Your push habits are important, so how good are they?
We all like to think we’re unique, but stop and think about your average day, for a moment. We’ll bet there’s a lot you do almost completely on autopilot. You probably take the same mode of transit to the same places every morning and night, and you probably don’t shake things up too much. And in our daily lives, that’s fine: Why change up coffee places when you’ve got a morning to hurry through? But in your push notification campaigns, sometimes these habits are a problem.
Are You On Autopilot?
We develop habits with push notifications for any number of reasons. They can be from customers positive feedback, what the data is telling you, due to marketing automation, or simply because you’re busy and when you get to your desk to get things done, they happen. But no matter how it’s happening, you need to ask yourself two things: One, did this habit develop due to clear, logical evidence that it benefits your push campaign? And two, if it is that or was the case, does the data still hold up?
This is important as certain key metrics of push shift over time. For example, the “golden hour,” the optimal time to push a message in a given day or week, moves around the clock or calendar over time, as customers are slowly pushed away from that time by a surfeit of text messages. The platform of your browser-based push notifications may also shift subtly, but importantly, over time; if the overall trend is pointing you toward an all-mobile audience, it’s time to adjust your strategy.
So, how do you find your habits? And how do you encourage better ones?
A little self-awareness goes a long way.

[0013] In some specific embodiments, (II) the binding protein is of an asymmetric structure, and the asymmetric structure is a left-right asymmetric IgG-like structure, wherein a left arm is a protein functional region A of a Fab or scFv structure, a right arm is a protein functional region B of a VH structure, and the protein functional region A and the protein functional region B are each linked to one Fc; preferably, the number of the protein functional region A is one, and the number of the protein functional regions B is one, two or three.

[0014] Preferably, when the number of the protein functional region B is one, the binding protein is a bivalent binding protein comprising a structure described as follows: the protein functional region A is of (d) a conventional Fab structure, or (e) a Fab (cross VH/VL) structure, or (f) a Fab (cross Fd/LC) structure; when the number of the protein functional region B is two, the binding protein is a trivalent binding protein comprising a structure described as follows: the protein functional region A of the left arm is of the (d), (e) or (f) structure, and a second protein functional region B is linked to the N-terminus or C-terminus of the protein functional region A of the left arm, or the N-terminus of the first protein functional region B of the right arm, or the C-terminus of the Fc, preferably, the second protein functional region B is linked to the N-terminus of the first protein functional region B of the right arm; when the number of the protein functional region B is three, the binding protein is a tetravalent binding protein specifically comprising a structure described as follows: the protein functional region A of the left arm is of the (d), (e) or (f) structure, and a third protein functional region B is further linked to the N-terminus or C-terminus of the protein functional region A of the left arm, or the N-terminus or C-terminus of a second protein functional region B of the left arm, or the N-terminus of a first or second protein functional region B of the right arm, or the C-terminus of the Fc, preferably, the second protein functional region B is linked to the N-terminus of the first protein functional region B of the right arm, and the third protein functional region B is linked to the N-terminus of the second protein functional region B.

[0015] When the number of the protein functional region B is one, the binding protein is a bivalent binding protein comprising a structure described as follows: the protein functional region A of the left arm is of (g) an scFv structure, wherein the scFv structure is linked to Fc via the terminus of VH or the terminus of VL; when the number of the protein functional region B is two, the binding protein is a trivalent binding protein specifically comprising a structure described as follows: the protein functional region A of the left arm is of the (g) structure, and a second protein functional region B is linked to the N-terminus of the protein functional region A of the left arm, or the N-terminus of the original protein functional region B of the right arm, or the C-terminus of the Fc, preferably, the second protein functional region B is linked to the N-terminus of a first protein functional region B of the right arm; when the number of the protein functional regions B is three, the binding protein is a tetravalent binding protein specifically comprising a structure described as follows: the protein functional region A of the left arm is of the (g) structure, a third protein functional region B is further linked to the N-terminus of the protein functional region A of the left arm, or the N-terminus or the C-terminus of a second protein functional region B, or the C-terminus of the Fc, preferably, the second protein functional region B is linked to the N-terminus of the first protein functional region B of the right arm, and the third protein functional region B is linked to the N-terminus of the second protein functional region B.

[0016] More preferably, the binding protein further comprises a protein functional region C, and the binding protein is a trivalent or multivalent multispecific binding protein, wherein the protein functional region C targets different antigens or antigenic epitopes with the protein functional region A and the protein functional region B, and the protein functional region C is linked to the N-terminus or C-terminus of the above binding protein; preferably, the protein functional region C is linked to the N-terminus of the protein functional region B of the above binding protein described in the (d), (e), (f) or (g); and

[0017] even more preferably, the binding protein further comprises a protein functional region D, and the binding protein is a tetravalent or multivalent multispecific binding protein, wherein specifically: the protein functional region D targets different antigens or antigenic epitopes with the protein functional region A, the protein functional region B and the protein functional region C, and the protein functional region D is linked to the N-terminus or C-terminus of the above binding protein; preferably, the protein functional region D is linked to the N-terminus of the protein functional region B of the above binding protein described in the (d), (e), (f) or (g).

Fixing Flawed Habits
The first step to getting into better habits is to start a new one: Namely, review the data coming in from your push notifications on a weekly and monthly basis, looking for overall changes in the data and other aspects worth considering. Data isn’t completely bulletproof, of course, but it’s a great starting point, and it can often tell you what’s working and what isn’t.
The next habit to get into, if you’re not into it already, is A/B testing. Remember, A/B testing works best when you’re testing something of substance, like a different link to your site, different approaches to the same campaign idea, and so on. Try to think of and implement several different A/B tests in a given week, and look at that data as well.
Finally, regularly re-evaluate your push campaign and ask yourself why you’re doing what you’re doing. Does the data back up the frequency and timing of your notifications? Do your conversion rates justify the content? Does the strategy push you towards a broader goal? And if none of that is true, is there a bigger reason that you’re doing it?
Habits don’t change overnight, but how we push and what we push should always be up for a change. By constantly reevaluating our approaches, we can constantly build better push notification campaigns. To learn more about browser-based push, get a free trial of Pushnami!